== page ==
IDEAS home Printed from https://ideas.repec.org/a/oup/jconrs/v29y2003i4p463-73.html
   My bibliography  Save this article

The Devaluation Effect: Activating a Need Devalues Unrelated Objects

Author

Listed:
  • Brendl, C Miguel
  • Markman, Arthur B
  • Messner, Claude

Abstract

It is commonly assumed that an object capable of satisfying a need will be perceived as subjectively more valuable as the need for it intensifies. For example, the more active the need to eat, the more valuable food will become. This outcome could be called a valuation effect. In this article, we suggest a second basic influence of needs on evaluations: that activating a focal need (e.g., to eat) makes objects unrelated to that need (e.g., shampoo) less valuable, an outcome we refer to as the devaluation effect. Two existing studies support the existence of a devaluation effect using manipulations of the need to eat and to smoke and measuring attractiveness of consumer products and willingness to purchase raffle tickets. Furthermore, the evidence suggests that consumers are not aware of the devaluation effect and its influence on their preferences. Copyright 2003 by the University of Chicago.

Suggested Citation

  • Brendl, C Miguel & Markman, Arthur B & Messner, Claude, 2003. " The Devaluation Effect: Activating a Need Devalues Unrelated Objects," Journal of Consumer Research, Oxford University Press, vol. 29(4), pages 463-473, March.
  • Handle: RePEc:oup:jconrs:v:29:y:2003:i:4:p:463-73
    as

    Download full text from publisher

    File URL: http://dx.doi.org/10.1086/346243
    Download Restriction: no

    Citations

    Citations are extracted by the CitEc Project, subscribe to its RSS feed for this item.
    as


    Cited by:

    1. Frank Goedertier & Kristof Geskens & Maggie Geuens & Bert Weijters, 2012. "Increasing choice satisfaction through goal-based labeling," Marketing Letters, Springer, vol. 23(1), pages 119-136, March.
    2. Michael J. Dorsch & Kjell Y. Törnblom & Ali Kazemi, 2017. "A Review of Resource Theories and Their Implications for Understanding Consumer Behavior," Journal of the Association for Consumer Research, University of Chicago Press, vol. 2(1), pages 5-25.
    3. Kurt Carlson & Chris Janiszewski & Ralph Keeney & David Krantz & Howard Kunreuther & Mary Luce & J. Russo & Stijn Osselaer & Detlof Winterfeldt, 2008. "A theoretical framework for goal-based choice and for prescriptive analysis," Marketing Letters, Springer, vol. 19(3), pages 241-254, December.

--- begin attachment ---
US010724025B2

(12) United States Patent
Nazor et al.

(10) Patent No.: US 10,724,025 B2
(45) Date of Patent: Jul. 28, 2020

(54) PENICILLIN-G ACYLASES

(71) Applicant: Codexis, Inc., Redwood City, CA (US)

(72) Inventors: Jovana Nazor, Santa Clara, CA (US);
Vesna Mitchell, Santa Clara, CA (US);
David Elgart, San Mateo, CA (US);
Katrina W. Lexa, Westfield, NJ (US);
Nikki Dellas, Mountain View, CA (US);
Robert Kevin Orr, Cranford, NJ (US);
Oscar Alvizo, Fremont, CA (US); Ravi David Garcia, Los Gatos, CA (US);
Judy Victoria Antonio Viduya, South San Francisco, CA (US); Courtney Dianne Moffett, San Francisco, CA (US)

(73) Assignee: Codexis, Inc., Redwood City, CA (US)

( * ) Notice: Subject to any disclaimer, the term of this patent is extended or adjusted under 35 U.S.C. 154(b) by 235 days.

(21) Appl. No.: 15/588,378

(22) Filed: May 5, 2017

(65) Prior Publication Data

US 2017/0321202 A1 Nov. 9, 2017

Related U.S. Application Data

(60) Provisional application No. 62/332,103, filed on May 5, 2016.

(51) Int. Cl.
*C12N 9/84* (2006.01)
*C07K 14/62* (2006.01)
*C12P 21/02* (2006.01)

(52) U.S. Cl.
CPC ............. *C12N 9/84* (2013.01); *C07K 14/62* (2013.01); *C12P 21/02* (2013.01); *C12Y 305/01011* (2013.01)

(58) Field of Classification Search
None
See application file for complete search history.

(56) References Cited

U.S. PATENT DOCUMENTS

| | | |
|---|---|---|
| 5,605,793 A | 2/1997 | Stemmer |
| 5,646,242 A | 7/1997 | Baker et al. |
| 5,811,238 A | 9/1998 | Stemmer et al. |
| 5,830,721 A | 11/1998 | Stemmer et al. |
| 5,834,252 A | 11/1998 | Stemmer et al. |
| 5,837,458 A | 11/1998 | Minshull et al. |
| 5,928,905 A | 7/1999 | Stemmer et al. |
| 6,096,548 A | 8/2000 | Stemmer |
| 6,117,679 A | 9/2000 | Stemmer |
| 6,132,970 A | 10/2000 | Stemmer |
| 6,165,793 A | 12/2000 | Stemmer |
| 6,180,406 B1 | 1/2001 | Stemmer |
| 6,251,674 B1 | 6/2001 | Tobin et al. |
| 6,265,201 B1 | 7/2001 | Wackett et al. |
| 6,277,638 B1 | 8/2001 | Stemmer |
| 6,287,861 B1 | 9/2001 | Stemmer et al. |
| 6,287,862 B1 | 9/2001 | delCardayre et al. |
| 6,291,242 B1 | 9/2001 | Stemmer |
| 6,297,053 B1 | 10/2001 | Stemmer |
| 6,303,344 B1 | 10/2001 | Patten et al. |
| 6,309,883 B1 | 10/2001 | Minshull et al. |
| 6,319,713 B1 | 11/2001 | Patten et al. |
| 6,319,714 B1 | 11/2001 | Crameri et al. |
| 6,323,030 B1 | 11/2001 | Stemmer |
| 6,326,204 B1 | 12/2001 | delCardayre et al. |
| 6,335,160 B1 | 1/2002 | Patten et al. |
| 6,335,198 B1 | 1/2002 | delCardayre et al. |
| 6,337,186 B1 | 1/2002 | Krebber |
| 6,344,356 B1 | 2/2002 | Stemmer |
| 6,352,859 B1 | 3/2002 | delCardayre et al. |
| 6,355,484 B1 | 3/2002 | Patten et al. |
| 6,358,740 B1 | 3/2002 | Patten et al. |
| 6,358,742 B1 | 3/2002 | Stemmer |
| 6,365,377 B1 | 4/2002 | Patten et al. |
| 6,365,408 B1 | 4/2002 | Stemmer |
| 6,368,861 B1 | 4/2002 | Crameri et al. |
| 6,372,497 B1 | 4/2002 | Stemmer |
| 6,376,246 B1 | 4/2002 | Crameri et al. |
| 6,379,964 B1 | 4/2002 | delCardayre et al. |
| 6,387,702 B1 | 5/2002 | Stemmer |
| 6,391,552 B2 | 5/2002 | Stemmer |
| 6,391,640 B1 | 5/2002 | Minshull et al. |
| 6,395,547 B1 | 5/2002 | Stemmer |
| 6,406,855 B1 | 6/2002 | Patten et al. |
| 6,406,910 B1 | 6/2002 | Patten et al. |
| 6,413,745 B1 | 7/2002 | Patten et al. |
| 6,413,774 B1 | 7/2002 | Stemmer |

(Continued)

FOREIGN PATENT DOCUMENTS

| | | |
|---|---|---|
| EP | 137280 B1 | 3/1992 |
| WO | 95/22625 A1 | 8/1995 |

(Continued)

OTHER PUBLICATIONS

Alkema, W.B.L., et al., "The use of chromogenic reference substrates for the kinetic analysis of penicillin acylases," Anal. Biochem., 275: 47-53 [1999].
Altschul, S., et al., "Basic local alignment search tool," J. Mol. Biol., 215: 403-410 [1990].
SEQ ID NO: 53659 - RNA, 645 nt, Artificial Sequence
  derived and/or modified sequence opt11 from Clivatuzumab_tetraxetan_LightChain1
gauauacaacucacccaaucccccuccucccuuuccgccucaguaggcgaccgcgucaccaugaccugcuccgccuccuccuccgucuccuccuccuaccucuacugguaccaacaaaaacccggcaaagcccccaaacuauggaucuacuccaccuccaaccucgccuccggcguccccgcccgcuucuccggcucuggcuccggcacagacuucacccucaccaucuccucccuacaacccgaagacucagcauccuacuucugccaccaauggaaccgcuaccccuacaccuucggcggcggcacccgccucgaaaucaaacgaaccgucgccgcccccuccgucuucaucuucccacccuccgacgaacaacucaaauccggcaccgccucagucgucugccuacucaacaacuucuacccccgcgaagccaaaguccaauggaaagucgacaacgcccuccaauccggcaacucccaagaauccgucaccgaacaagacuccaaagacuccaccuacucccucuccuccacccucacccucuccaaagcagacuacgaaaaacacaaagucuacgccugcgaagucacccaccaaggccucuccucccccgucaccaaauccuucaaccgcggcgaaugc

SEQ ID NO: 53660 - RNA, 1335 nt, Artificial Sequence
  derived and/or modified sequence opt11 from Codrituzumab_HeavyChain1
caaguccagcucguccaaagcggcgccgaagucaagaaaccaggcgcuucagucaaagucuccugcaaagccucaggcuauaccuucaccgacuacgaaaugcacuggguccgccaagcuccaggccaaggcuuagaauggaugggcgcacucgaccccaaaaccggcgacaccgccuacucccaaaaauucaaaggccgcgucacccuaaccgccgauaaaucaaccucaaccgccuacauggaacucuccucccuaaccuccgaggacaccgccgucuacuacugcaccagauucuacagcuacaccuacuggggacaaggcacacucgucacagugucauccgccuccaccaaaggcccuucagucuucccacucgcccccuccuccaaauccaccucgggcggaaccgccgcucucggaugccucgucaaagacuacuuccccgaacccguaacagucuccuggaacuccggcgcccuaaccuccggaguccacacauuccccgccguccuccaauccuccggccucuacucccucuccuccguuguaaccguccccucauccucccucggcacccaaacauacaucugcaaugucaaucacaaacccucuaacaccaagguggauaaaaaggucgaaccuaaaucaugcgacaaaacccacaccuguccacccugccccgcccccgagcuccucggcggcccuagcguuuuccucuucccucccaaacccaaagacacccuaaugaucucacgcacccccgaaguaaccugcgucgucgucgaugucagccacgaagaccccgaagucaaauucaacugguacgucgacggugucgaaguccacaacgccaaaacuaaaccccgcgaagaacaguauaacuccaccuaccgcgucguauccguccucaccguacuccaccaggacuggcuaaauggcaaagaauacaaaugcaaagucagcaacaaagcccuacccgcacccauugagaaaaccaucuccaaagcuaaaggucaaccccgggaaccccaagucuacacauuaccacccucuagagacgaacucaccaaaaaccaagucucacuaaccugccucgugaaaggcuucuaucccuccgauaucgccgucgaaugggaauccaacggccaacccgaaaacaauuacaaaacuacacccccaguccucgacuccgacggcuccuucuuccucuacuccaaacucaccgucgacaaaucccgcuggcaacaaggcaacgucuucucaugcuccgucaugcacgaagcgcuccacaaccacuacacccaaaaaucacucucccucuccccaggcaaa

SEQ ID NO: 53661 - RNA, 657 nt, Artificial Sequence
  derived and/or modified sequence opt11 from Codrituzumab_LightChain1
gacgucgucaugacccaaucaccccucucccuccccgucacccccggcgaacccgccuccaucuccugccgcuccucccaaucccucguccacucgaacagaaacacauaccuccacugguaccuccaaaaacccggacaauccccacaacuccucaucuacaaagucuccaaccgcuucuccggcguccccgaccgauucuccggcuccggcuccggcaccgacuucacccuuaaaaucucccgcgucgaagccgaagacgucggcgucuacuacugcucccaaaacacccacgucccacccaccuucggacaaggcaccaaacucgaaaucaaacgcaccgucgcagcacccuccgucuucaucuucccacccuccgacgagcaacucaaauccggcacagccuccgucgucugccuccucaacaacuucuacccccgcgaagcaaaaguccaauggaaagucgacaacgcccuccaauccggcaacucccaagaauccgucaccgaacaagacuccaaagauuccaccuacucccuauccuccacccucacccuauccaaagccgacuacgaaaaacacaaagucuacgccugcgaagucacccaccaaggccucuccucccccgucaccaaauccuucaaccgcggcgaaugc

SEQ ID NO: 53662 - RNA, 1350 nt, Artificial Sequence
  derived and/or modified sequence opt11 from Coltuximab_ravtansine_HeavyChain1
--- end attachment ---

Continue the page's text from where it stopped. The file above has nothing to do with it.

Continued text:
4. Li, Xiuping & Lu, Qiang & Miller, Rohan, 2013. "Self-medication and pleasure seeking as dichotomous motivations underlying behavioral disorders," Journal of Business Research, Elsevier, vol. 66(9), pages 1598-1604.
    5. Inesi, M. Ena, 2010. "Power and loss aversion," Organizational Behavior and Human Decision Processes, Elsevier, vol. 112(1), pages 58-69, May.
    6. Sanjay Jain, 2009. "Self-Control and Optimal Goals: A Theoretical Analysis," Marketing Science, INFORMS, vol. 28(6), pages 1027-1045, 11-12.
    7. repec:oup:jconrs:v:43:y:2016:i:3:p:388-406. is not listed on IDEAS
    8. Stijn Osselaer & Suresh Ramanathan & Margaret Campbell & Joel Cohen & Jeannette Dale & Paul Herr & Chris Janiszewski & Arie Kruglanski & Angela Lee & Stephen Read & J. Russo & Nader Tavassoli, 2005. "Choice Based on Goals," Marketing Letters, Springer, vol. 16(3), pages 335-346, December.

    More about this item

    Statistics

    Access and download statistics

    Corrections

    All material on this site has been provided by the respective publishers and authors. You can help correct errors and omissions. When requesting a correction, please mention this item's handle: RePEc:oup:jconrs:v:29:y:2003:i:4:p:463-73. See general information about how to correct material in RePEc.

    For technical questions regarding this item, or to correct its authors, title, abstract, bibliographic or download information, contact: (Oxford University Press) or (Christopher F. Baum). General contact details of provider: .

    If you have authored this item and are not yet registered with RePEc, we encourage you to do it here. This allows to link your profile to this item. It also allows you to accept potential citations to this item that we are uncertain about.

    We have no references for this item. You can help adding them by using this form .

    If you know of missing items citing this one, you can help us creating those links by adding the relevant references in the same way as above, for each refering item. If you are a registered author of this item, you may also want to check the "citations" tab in your RePEc Author Service profile, as there may be some citations waiting for confirmation.

    Please note that corrections may take a couple of weeks to filter through the various RePEc services.

    IDEAS is a RePEc service hosted by the Research Division of the Federal Reserve Bank of St. Louis . RePEc uses bibliographic data supplied by the respective publishers.